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Starting 1 September 2014, 'class actions' become possible in Belgium as well

September 2014

Imagine . . .

. . . that one fine day you’re summoned to appear before the Commercial Court of Brussels in order to defend yourself against a so-called ´action for collective redress´ filed by the consumer organisation Test-Achats. The letter states that Test-Achats represents a group of consumers. They happen to be customers of yours who allegedly suffered harm because their personal data were somehow released on the internet. Test-Achats is claiming damages to compensate this harm. You call your lawyer and ask him exactly which customers Test-Achats represents, and what financial consequences this case might have for your company. It appears that both the group of consumers and the amount of the damages claim are still undefined, something that appears to be characteristic of such a ´action for collective redress´.

A brief clarification.

Starting on 1 September 2014, it becomes possible to pursue a ´rechtsvordering tot collectief herstel/action en réparation collective´. This is the Belgian variant of the so-called ´class actions´. This legal proceeding strives for a more effective enforcement of consumer rights. For the first time in Belgian law, the ´action for collective redress´ permits a group representative to file a claim on behalf of a group of consumers all of whom suffered harm deriving from a common cause. Such a claim appears particularly interesting when the damage to each of the individual consumers is relatively limited, so that it is improbable that any one of them in isolation would start a proceeding on this basis.

The common cause of the collective harm must have occurred after 1 September 2014.

Who can initiate the action for collective redress?

The action for collective redress can only be filed by a ´group representative´. Consumer associations can act as a group representative, provided that they possess legal personality and sit on the Consumers´ Council or are recognised by the Minister of Economic Affairs (Test-Achats, for example). Other associations can also be group representatives if they (i) have had legal personality for more than three years, (ii) are recognised by the responsible Minister and (iii) have a social purpose that is directly related to the collective harm. Thus, an individual consumer - whether or not represented by a lawyer - cannot initiate an action for collective redress.

What types of harm qualify?

The harm must have been caused by a breach of a contractual obligation of the company, or by a violation of a specific law that is designed to protect consumers. The legislator has (exhaustively) listed 31 statutes, including the competition law, the laws on market practices, as well as privacy legislation, all of which can serve as the basis for an action for collective redress.

How does an action for collective redress proceed?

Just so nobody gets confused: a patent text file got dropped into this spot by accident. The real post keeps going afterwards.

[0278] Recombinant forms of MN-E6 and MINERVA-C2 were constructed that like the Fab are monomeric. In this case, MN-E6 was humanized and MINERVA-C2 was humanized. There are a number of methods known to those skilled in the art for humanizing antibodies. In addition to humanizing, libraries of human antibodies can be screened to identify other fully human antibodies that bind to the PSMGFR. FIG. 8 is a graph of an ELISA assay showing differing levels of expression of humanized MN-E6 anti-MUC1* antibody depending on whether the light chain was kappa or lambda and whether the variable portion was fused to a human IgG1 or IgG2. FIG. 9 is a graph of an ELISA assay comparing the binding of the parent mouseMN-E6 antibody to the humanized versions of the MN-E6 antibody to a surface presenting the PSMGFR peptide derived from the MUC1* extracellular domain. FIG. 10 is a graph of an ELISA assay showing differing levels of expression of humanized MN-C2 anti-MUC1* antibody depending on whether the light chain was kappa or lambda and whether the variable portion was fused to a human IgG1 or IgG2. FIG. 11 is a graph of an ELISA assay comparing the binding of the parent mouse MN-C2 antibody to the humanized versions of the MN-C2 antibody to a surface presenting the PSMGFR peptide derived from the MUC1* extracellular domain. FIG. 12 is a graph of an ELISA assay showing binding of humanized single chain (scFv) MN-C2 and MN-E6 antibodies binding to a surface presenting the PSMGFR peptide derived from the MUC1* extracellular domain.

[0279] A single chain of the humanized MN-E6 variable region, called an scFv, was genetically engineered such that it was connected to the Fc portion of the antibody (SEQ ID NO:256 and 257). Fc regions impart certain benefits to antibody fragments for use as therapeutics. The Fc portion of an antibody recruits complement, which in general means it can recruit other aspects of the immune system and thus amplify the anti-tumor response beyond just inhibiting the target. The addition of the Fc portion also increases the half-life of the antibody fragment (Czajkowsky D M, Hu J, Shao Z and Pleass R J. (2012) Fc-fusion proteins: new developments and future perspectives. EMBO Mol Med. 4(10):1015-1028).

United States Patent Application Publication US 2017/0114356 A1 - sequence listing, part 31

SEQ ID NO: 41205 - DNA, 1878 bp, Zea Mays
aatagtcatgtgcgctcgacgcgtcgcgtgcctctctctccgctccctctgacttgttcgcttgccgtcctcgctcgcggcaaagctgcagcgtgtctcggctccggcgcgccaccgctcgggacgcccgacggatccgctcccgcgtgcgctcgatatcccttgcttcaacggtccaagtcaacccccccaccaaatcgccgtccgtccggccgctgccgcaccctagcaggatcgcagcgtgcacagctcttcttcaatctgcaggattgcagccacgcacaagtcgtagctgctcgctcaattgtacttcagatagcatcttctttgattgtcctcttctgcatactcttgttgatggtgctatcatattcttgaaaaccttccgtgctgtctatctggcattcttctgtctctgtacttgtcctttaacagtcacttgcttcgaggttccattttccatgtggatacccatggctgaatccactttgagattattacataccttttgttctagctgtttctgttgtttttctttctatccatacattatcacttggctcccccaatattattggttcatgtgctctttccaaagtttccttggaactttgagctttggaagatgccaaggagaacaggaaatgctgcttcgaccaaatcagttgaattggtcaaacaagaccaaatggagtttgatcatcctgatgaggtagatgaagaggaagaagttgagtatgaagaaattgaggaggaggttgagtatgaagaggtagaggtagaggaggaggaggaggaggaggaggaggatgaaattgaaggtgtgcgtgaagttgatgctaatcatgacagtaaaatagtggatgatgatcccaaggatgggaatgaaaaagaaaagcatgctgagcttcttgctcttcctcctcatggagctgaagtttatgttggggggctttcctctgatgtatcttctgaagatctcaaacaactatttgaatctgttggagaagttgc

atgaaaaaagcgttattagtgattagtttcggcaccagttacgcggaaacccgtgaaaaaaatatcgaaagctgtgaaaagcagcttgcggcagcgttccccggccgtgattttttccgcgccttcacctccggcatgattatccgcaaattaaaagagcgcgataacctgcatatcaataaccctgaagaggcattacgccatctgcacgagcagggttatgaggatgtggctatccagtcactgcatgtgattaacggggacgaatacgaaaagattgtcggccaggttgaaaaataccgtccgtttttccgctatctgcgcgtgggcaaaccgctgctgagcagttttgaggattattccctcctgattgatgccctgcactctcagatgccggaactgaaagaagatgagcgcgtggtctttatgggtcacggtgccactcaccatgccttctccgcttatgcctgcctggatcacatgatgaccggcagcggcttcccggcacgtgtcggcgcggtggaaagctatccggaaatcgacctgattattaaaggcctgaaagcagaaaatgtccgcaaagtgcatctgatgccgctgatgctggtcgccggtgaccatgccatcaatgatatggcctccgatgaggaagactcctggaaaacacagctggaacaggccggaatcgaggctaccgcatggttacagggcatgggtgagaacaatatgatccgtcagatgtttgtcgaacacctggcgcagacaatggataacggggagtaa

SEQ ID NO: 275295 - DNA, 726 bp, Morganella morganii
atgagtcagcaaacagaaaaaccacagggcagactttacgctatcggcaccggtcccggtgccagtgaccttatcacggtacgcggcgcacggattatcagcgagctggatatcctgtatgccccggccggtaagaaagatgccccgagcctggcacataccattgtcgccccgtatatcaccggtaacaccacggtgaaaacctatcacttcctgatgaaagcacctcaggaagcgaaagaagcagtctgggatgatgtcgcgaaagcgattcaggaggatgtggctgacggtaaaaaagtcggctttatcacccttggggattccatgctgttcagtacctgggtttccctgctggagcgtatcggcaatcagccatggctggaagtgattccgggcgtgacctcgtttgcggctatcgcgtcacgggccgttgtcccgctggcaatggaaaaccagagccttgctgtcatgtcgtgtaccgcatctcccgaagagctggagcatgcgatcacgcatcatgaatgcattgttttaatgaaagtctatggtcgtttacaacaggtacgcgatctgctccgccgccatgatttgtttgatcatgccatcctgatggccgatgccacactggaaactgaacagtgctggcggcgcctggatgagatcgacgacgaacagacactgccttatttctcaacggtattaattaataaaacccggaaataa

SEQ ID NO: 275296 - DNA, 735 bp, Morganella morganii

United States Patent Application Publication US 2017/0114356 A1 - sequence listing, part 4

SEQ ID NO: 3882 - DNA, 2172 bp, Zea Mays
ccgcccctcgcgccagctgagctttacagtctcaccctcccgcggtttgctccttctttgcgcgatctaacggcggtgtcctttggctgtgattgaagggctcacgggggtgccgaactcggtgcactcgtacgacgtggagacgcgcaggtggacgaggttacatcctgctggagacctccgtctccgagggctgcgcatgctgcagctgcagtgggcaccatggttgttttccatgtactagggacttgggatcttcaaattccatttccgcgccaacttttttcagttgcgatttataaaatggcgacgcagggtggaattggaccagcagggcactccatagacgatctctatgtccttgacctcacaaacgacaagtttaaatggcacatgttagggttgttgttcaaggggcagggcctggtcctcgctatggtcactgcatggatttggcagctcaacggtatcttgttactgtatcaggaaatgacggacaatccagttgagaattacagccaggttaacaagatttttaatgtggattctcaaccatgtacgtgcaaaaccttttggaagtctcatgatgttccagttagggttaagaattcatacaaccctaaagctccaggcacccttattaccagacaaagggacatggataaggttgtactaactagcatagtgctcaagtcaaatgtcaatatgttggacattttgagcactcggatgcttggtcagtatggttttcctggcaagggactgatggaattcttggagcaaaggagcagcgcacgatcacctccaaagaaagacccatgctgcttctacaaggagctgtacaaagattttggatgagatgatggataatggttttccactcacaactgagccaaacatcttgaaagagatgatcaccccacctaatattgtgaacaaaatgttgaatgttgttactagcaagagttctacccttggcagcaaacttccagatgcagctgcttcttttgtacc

Only the courts of Brussels can hear an action for collective redress. In a first phase, the judge must rule whether the ´group representative´ has the necessary capacity, and whether the harm qualifies for an action for collective redress (the admissibility decision). The judge must also determine how the group of consumers will be constituted. For this he can choose either an ´opt-in´ or an ´opt-out´ system. The judge is obliged to choose the ´opt-in´ system in the case of physical injury or moral collective harm.

´Opt-in´ means that the consumer can become a member of the group only if he falls within the description of the group and expressly declares that he wishes to join the group. ´Opt-out´ means that each consumer who falls within the description of the group automatically becomes a member of the group, unless he expressly declares that he does not wish to form part of it. In principle, the consumer´s choice is irrevocable. Once a consumer has joined the group, he loses his possibilities to appear individually before the judge for the same damage. This applies both for claims before the civil judge and for a civil claim attached to a complaint before a criminal court. Parallel procedures by consumers who do not belong to the group remain possible; certainly in the case of ´opt-in´ systems, the risk of parallel proceedings remains real.

The second phase is an obligatory negotiation phase between the group representative and the company. If they arrive at an amicable agreement within the contours of the admissibility decision, this agreement is homologated by the judge. If no agreement is reached, the judicial proceeding continues. The outcome of the proceeding is in any case binding for all members of the group.

In the event that the judicial proceeding moves forward, the judge appoints a "loss administrator", whose mission is to ensure the proper execution of the homologated agreement or the judgement.

Concretely

  • To be safe, you should proceed on the assumption that the action for collective redress can play a role in all your contacts with consumers.
  • This proceeding is of interest primarily for consumers who have suffered a limited degree of harm deriving from a common cause.
  • Listen carefully to any criticism from consumer organisations; from now on they carry a big stick, because they can take action as a group representative.

Want to know more?

  • The action for collective redress was inserted into the Economic Law Code (Book XVII, Title 2) and can be consulted here.